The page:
Sunday, October 25, 2009

Ultimo post sul Giappone—dal Canada!

Hi everyone! You thought I was lost forever? No. However, I am thinking I should change the title of this blog. I'm not in the US anymore! I moved to Canada about a month ago with Matt.

I have now a job in Montreal. After a lot of struggle and indecision, I opted for this job over a few other offers I had, and here we are! I actually really love this new job and I'm immensely happy Matt was able to join me. So, so far so good. But, winter time has not arrived yet. We are still enjoying the last beautiful Fall days and I do want to take some pictures before it's too late and all the colorful leaves are gone.

However, before I tell you about our new life, the cross-country move, and my summer trip to Italy after Japan, I want to write the last post about Japan, which will tell you about our last day and a half in Japan, discuss Japanese home food and a summary about what we've learned about biking in Japan.

So, let's get started.

The morning before we left Kyoto, we biked through the temple area. We managed to see one of the biggest Shinto shrines:
.. And did a quick run through the Philosopher's walk, where all the most beautiful temples are. We saw some of them from outside, but unfortunately didn't have time to go inside. However, we met a really nice old guy, who kept trying to show us something in the small canals that border the walk. It took us a while to figure out what he wanted us to see: little frogs! We met him again later, showing the frogs to a kid.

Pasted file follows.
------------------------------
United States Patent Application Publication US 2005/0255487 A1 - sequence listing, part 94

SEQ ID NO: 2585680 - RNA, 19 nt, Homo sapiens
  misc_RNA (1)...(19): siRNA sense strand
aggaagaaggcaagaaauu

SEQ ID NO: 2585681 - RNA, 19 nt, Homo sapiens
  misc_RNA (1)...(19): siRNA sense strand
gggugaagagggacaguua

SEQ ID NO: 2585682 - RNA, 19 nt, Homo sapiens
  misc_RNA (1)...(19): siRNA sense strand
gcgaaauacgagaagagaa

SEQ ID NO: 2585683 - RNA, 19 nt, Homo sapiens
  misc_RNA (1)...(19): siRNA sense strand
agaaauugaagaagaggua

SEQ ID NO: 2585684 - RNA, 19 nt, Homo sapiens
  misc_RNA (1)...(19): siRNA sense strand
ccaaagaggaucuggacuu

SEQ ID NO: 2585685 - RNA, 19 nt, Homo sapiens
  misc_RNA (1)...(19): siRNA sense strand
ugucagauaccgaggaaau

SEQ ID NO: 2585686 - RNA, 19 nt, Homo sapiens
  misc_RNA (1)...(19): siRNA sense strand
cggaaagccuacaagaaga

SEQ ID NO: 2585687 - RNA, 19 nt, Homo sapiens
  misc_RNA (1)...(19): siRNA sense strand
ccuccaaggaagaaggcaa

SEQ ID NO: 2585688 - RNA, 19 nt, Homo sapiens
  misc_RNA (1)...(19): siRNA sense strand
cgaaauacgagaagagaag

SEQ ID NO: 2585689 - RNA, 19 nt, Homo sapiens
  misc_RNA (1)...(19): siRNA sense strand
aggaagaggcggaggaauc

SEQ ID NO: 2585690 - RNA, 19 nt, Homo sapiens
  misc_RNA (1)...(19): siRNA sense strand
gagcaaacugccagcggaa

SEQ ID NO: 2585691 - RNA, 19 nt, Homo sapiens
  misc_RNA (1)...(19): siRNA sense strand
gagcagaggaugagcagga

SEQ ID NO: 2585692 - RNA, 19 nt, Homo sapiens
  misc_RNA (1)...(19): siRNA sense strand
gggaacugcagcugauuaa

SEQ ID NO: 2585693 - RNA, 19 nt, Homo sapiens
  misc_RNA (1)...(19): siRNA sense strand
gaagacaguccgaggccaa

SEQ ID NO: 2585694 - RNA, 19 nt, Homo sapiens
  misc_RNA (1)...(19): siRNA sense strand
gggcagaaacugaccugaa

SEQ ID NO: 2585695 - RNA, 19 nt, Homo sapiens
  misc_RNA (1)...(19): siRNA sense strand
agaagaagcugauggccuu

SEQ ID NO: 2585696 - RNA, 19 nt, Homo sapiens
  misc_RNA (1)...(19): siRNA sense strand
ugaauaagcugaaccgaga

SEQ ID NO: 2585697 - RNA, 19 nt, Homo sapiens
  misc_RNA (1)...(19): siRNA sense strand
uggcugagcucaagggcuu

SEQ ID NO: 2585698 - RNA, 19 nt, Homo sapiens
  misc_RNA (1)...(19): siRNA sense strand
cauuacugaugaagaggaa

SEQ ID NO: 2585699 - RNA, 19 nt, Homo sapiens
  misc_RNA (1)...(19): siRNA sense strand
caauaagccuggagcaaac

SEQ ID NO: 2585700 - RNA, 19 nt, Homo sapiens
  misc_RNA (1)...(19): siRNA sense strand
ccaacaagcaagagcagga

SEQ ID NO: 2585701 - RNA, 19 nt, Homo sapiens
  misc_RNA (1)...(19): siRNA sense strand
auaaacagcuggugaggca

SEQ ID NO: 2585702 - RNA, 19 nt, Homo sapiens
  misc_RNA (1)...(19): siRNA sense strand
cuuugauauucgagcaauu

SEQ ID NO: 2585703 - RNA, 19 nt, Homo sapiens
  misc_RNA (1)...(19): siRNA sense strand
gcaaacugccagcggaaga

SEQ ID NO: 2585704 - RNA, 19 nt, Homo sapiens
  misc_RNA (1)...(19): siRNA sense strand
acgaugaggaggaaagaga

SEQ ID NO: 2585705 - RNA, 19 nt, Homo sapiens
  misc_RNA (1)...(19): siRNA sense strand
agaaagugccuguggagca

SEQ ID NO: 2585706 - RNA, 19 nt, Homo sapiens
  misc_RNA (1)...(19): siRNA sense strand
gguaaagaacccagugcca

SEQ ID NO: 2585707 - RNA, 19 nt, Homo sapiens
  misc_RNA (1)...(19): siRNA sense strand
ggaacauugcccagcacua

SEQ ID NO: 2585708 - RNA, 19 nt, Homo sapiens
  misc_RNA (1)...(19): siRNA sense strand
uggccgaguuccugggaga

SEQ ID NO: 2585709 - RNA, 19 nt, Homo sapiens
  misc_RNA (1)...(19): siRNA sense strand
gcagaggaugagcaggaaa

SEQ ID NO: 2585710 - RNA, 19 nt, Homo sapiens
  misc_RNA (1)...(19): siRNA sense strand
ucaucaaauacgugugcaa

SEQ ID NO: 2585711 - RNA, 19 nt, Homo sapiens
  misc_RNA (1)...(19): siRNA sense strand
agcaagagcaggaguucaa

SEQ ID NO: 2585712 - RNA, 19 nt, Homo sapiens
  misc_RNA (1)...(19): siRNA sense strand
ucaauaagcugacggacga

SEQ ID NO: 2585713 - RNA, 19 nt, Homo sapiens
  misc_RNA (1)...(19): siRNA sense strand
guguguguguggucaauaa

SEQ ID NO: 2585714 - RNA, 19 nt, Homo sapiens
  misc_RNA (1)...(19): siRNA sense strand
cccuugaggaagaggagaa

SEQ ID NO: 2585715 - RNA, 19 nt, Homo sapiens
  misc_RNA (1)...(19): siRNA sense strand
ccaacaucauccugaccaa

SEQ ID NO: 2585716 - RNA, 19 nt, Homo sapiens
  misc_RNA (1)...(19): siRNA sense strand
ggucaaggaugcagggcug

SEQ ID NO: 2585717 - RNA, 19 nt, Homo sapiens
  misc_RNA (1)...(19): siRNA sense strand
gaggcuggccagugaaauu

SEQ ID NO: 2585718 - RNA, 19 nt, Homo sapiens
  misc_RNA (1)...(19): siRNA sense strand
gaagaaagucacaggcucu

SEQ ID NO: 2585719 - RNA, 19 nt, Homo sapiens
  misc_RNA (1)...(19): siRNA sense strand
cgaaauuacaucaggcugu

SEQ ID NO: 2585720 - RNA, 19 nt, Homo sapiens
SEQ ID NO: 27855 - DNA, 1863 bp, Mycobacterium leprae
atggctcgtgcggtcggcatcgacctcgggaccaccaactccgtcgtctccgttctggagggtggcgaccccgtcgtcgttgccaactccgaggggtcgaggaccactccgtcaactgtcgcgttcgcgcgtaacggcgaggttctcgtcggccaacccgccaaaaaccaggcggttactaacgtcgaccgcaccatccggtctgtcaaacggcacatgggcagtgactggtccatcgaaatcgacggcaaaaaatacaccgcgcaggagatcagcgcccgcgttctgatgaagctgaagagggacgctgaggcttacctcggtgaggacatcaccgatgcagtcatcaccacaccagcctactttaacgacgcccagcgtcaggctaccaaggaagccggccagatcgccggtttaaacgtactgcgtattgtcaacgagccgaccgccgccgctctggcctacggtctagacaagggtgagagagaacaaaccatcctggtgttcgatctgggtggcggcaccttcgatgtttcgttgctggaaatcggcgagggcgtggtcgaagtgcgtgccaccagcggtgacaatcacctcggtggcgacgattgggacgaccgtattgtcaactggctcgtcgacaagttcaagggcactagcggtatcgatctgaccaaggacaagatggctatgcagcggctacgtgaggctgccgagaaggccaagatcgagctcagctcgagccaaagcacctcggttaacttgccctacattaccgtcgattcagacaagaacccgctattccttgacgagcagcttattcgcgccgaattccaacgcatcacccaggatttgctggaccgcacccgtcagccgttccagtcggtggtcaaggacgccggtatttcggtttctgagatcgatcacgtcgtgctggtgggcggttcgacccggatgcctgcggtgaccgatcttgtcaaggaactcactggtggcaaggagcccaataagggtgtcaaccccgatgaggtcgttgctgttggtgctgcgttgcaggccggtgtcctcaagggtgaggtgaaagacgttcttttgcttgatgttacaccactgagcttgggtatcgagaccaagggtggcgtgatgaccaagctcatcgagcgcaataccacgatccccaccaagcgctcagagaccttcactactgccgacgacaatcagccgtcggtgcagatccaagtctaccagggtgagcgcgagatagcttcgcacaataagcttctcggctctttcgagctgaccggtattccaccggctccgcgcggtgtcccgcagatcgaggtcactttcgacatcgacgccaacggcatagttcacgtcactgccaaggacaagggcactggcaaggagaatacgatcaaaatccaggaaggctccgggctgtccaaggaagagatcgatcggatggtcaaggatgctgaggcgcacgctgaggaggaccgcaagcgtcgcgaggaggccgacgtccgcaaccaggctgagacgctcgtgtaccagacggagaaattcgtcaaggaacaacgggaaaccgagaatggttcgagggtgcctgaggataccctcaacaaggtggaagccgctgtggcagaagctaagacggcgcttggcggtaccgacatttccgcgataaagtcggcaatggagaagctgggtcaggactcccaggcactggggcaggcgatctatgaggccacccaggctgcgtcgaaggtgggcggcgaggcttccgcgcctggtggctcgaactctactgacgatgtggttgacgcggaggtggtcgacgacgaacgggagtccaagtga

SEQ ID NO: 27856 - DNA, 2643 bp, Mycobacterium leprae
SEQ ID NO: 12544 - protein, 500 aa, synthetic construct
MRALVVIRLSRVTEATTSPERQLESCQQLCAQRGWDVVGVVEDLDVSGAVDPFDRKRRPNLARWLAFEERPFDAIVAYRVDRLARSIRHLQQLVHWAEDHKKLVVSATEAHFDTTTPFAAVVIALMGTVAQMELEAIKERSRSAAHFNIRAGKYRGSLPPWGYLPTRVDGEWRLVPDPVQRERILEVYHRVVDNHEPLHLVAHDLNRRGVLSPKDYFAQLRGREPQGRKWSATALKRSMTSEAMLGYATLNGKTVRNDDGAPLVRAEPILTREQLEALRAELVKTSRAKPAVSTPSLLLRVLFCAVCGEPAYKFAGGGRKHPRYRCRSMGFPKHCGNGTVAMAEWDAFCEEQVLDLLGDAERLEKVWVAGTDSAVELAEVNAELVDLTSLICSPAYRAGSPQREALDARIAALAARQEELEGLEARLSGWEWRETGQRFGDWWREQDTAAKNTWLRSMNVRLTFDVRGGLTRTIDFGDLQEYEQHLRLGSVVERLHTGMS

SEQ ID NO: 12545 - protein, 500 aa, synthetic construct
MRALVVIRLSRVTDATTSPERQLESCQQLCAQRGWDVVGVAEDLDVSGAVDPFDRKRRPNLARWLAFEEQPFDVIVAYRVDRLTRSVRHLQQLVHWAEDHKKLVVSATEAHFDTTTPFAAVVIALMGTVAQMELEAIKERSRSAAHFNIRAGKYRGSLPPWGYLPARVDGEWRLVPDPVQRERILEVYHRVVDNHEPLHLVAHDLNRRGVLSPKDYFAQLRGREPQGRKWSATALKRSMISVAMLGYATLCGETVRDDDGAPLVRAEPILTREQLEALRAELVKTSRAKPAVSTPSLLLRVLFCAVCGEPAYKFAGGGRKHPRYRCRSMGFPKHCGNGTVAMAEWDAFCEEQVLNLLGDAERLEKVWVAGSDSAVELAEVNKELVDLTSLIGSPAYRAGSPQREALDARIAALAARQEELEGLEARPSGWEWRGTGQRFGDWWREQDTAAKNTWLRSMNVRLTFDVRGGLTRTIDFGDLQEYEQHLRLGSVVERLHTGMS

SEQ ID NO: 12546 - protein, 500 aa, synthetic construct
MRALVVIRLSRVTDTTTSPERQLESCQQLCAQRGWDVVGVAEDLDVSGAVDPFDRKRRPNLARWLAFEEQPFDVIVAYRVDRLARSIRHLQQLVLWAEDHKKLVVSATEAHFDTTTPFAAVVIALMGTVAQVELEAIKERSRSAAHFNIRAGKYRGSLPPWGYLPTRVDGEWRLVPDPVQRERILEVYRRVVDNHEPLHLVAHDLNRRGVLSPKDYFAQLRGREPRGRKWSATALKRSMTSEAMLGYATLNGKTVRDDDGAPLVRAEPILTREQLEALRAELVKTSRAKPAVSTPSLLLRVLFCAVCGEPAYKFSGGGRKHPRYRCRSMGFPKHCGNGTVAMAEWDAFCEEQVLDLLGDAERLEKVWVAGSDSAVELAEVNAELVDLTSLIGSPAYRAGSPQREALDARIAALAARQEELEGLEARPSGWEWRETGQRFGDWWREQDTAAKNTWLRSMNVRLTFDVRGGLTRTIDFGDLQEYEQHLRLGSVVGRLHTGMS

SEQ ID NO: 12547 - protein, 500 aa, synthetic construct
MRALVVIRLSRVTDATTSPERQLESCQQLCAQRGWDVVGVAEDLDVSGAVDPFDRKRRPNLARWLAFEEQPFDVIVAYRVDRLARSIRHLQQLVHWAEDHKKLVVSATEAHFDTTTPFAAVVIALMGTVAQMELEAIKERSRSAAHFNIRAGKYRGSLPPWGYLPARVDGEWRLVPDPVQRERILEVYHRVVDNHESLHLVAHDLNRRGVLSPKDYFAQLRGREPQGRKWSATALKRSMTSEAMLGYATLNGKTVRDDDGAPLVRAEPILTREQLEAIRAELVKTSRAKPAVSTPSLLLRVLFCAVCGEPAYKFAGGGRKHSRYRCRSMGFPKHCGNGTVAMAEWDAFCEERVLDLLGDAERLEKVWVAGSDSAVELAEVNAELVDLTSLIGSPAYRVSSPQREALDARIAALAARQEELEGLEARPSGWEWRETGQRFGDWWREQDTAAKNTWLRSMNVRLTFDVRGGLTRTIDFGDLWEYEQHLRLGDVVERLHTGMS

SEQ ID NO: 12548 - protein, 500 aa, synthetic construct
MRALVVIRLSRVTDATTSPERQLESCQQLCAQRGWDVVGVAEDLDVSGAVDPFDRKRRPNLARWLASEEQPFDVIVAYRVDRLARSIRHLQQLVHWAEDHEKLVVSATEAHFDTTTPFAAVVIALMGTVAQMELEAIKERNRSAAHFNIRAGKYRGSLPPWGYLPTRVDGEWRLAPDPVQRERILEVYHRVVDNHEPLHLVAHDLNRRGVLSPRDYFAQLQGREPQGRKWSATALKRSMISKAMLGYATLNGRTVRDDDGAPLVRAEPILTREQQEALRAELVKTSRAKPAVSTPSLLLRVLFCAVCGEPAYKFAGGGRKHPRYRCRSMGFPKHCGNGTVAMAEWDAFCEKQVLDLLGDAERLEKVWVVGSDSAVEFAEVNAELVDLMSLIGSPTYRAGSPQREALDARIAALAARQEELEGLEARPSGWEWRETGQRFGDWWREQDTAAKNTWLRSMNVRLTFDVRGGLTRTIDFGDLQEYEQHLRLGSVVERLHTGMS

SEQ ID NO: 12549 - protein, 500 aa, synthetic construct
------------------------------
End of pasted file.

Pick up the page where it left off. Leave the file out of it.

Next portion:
This is actually the last picture we took in Japan, showing a little sign of friendliness between cultures and generations.

In a hurry, we biked back to Kyoto station, bagged up the bikes, and got onto the Shinkansen. We thought that would have been our last time with the bikes, as Matt found two buyers on the (English) craigslist who were willing to buy them from us at our arrival in Tokyo. However, one of the buyers flaked out, and we were left with Matt's bike. Luckily we found a hotel with internet, and emailed one of the previously interested, who agreed to take the bike.

We managed to enjoy at least some of our last day in Tokyo. We took a walk downtown, and saw a South Indian restaurant that attracted us. Without even realizing it, we were missing spicy food! This Japanese Indian restaurant turned out to be fantastic. We had some amazing idlis made with semolina flour and raisin, and one of the best lamb curries we ever tasted. Again, Japan food really never disappoints, whatever cuisine one wants to try. (Though in this case there were at least Indians in the kitchen.)

Our last evening in Tokyo was quite nice too. We found a little park in the heart of downtown, and sat on a bench there for a while. We were surrounded by trees and a little further, tall skyscrapers. In the middle of Tokyo, it was quiet.

The day after, we sold the last bike about half an hour before we left for the airport. Thanks, craigslist! The flight back went smoothly, and in less than 10 hours we were back to California.

-- -- -- -- -- -- -- -
Japanese home food
-- -- -- -- -- -- -- -

As you know, we got to know many really nice Japanese families, either through the Japan Cycling website, or thanks to Matt's interest in katsuobushi. All the people we met showed us what Japanese hospitality is—not only did they share their house with us, but they made us feel part of their family. They showed us around, helped us find bikes, brought us to restaurants, chatted with us, introduced us to their friends, even played videogames with us and their children . . . and of course, prepared food for and with us.